With so many different styles of martial arts out there, it can be a challenge to find something that feels like a great fit. Especially if you feel a little out of shape and perhaps life has caught up to you while raising a family or tending to a career. Most of us want to experience the energy and the benefits of martial arts training, however the thought of physical injuries after viewing current trends in combative sports, prevent many folks from exploring any program at all.
Iaido is an ancient Japanese sword practice that is based on philosophies that have been around for hundreds of years. Although the history that Iaido represents may be one of warfare and martial conflict, its current application combines mindfulness with physical movements to create a balanced and healthy lifestyle.
And you won’t get punched in the face.
Regular weekly training will heighten the spirit while strengthening the body along with countless self-improvement benefits. With Iaido, you can quiet your mind and find your inner confidence by controlling your thoughts while brandishing a Japanese sword. Few things are more empowering.
The benefits of this artform are far more than the leg and core strength obtained from regular practice. Iaido turns into a lifestyle, and its complete curriculum helps you repair the alignment of your mind and body. Not only can Iaido help you lose weight, increase core strength, and improve balance, but it will help you reduce daily stress, calm your thoughts, and deal with both the internal and external conflicts we live with every day.
There are so many reasons to begin training in Iaido, but it’s helpful to understand what it is and how to get started. This way, you can reap all of the physical and spiritual benefits of this ancient practice starting at any age. No one is too old to begin training.
So what is the training about?
Iaido is a traditional Japanese sword art whose origins date back hundreds of years. It’s organized into groups of movements (waza), which are practiced solo. Each of these forms consist of drawing a sheathed sword, making one or more cuts, and then re-sheathing the sword. This is all done from a controlled mind and body while visualizing an enemy. The focus here is control of the sword, which in turn cultivates control of the self.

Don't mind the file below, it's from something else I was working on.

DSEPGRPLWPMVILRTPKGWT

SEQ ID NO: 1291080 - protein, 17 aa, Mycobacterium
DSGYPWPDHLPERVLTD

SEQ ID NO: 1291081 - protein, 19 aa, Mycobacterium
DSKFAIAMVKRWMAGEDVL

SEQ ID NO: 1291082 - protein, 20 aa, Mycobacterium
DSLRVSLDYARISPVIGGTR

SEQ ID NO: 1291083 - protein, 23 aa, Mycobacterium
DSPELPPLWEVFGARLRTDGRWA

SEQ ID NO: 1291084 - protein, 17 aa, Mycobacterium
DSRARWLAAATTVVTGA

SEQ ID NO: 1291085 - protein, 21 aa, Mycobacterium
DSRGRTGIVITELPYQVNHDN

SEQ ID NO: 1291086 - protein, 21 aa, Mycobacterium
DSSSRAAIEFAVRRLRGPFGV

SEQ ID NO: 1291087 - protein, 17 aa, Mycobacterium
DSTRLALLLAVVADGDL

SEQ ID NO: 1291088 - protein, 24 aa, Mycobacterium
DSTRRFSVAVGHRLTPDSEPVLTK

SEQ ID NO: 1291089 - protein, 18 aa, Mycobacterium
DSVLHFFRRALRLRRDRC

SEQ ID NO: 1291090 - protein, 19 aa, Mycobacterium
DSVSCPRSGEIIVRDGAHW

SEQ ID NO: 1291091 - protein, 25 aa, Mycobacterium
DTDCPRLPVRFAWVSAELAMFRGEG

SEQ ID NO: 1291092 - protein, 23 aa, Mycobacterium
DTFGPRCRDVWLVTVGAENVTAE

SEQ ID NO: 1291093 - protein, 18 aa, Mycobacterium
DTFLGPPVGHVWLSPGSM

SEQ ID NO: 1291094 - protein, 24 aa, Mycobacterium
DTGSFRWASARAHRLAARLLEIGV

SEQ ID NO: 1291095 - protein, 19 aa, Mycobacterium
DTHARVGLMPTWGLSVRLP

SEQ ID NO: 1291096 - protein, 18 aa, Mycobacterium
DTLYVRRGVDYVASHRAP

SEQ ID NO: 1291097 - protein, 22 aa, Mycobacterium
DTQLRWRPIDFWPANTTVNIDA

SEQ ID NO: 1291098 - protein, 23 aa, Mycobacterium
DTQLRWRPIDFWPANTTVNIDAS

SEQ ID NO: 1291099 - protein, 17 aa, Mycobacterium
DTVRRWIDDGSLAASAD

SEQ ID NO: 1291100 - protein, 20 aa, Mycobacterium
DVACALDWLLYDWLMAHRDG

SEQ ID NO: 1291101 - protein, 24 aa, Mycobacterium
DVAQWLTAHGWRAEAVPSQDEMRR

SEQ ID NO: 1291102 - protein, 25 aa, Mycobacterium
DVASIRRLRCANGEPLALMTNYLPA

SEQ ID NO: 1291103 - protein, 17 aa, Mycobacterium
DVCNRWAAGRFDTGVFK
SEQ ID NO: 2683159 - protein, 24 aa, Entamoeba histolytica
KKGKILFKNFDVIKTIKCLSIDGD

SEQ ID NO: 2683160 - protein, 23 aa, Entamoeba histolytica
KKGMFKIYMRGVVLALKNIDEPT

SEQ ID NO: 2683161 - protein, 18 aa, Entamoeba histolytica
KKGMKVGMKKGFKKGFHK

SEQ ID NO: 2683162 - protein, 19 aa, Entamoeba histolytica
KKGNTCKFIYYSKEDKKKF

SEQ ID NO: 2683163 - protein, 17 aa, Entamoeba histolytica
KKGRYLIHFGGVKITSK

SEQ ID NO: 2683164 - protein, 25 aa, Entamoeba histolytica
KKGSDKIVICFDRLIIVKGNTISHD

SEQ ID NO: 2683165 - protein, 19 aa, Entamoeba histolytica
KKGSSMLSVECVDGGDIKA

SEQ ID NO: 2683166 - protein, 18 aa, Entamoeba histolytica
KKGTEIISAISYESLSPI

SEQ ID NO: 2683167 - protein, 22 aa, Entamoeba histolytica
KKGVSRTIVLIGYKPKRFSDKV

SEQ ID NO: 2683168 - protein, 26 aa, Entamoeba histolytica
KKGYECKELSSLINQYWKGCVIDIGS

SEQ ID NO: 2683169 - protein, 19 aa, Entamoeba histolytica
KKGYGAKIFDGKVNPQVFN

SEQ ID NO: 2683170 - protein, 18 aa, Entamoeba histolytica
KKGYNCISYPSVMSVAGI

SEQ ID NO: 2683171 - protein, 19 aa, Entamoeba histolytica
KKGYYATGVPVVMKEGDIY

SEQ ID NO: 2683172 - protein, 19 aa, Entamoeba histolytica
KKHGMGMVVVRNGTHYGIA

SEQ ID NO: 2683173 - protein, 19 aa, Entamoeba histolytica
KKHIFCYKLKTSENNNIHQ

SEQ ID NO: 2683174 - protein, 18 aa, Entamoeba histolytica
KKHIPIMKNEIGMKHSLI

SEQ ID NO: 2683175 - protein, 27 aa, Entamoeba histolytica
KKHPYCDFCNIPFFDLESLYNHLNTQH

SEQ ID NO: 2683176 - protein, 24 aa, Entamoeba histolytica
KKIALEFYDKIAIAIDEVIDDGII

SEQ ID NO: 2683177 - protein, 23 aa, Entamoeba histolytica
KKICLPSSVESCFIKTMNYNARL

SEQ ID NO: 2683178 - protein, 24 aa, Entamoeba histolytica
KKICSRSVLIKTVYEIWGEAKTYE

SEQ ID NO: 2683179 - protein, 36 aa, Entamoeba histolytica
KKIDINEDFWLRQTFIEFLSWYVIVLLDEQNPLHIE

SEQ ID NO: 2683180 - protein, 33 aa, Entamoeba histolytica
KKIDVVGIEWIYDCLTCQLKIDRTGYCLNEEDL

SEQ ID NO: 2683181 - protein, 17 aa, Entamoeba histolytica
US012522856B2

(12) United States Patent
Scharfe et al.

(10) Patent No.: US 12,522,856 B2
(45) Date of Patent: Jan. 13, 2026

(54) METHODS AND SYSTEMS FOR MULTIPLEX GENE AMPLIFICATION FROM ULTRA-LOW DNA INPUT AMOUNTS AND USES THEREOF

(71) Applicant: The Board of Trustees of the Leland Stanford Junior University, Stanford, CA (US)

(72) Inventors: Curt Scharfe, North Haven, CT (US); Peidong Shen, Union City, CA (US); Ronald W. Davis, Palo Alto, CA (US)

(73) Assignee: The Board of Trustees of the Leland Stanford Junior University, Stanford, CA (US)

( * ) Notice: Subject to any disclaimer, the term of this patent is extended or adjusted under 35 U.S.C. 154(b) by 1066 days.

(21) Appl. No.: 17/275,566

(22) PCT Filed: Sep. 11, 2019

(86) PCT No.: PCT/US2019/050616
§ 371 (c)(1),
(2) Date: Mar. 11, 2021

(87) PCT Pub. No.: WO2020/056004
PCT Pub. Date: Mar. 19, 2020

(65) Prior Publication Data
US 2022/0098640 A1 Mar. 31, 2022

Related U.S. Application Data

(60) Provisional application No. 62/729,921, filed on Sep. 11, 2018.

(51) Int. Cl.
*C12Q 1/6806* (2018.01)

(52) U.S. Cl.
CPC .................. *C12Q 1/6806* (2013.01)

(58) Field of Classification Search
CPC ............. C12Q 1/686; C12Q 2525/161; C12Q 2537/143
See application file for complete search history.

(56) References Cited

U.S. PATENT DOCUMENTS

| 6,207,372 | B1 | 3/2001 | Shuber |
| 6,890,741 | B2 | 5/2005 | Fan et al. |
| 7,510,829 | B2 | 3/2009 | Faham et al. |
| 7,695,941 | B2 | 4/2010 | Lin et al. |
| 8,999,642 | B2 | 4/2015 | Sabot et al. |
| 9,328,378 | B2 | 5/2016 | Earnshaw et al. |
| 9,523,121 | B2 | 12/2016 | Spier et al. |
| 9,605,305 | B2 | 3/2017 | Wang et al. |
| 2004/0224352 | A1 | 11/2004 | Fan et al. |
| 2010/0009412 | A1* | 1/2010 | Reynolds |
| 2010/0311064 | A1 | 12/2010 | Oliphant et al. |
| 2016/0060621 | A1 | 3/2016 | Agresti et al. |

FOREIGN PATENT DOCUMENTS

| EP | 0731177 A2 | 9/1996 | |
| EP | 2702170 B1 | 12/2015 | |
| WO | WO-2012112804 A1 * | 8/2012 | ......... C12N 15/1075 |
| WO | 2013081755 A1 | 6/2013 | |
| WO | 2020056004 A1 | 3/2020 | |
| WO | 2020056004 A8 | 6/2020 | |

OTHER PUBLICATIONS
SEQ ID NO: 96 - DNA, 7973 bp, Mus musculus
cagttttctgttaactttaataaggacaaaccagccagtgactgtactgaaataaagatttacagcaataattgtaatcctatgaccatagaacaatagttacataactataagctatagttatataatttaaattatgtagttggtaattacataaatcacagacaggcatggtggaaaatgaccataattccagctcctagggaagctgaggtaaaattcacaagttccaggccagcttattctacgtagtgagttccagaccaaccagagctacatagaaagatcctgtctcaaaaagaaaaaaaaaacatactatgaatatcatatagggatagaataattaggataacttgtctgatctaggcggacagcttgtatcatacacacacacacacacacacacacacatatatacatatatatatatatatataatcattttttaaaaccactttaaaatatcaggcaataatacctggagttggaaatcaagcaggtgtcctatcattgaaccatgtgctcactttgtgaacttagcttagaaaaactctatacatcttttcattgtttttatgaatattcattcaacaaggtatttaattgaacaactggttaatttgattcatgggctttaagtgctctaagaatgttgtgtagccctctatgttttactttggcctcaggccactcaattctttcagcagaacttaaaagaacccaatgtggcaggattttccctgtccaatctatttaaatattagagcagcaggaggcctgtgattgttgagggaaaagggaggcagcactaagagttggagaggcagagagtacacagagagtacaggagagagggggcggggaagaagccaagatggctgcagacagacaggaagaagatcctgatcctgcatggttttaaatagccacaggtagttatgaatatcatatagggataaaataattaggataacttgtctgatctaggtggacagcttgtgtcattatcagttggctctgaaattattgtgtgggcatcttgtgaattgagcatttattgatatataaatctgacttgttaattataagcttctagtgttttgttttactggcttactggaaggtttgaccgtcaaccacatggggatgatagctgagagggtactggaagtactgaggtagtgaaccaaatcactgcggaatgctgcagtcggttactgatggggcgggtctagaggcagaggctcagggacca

Many westerners compare it to a western movie with a quick draw gun fight but with swords. Usually, after a few classes, it’s discovered that Iaido is much, much more.
Also, folks usually look up Iaido videos on the internet and see a practitioner training from a kneeling position. This immediately frightens some folks away, afraid of their bad knees getting worse from training. However, nothing can be further from the truth. Kneeling techniques (seiza) are less than 20 percent of the curriculum, and they all have standing versions. Iaido is also one of the few martial styles that has the least amount of injuries. Any sprains or pulled muscles are self-inflicted, as there is no partner. When training with a licensed teacher, all body mechanics are designed to protect the joints rather than injure them.
Emphasis on etiquette, repetition, proper posture, breathing and timing makes Iaido physically and mentally challenging and very rewarding. The sense of satisfying engagement while swinging a Japanese sword (katana) is unmatched.
During practice, prescribed footwork and moderately challenging postures are emphasized while maintaining an open mind and controlled breathing. Drawing the weapon and cutting at the same time takes a combined effort of upper and lower body while not rushing the thought process. All of this is done while keeping both mental and physical pressure on the imaginary opponent. This is more challenging than most folks perceive.
You then perform movements to return the sword to the sheath (saya) while keeping your eye on your fallen opponent, not your sword. Beginners feel this is the most difficult component of the waza. Concentration is critical for success.
It is true that no person of sound mind walks around outside in public with a sword. However, all of Iaido’s movements relate to everyday life….
The first movement is building up body tension while calming the breathing. This prepares the practitioner for action without causing the potential opponent to have reactionary stress that could result in unnecessary physical action. This way you have the upper hand.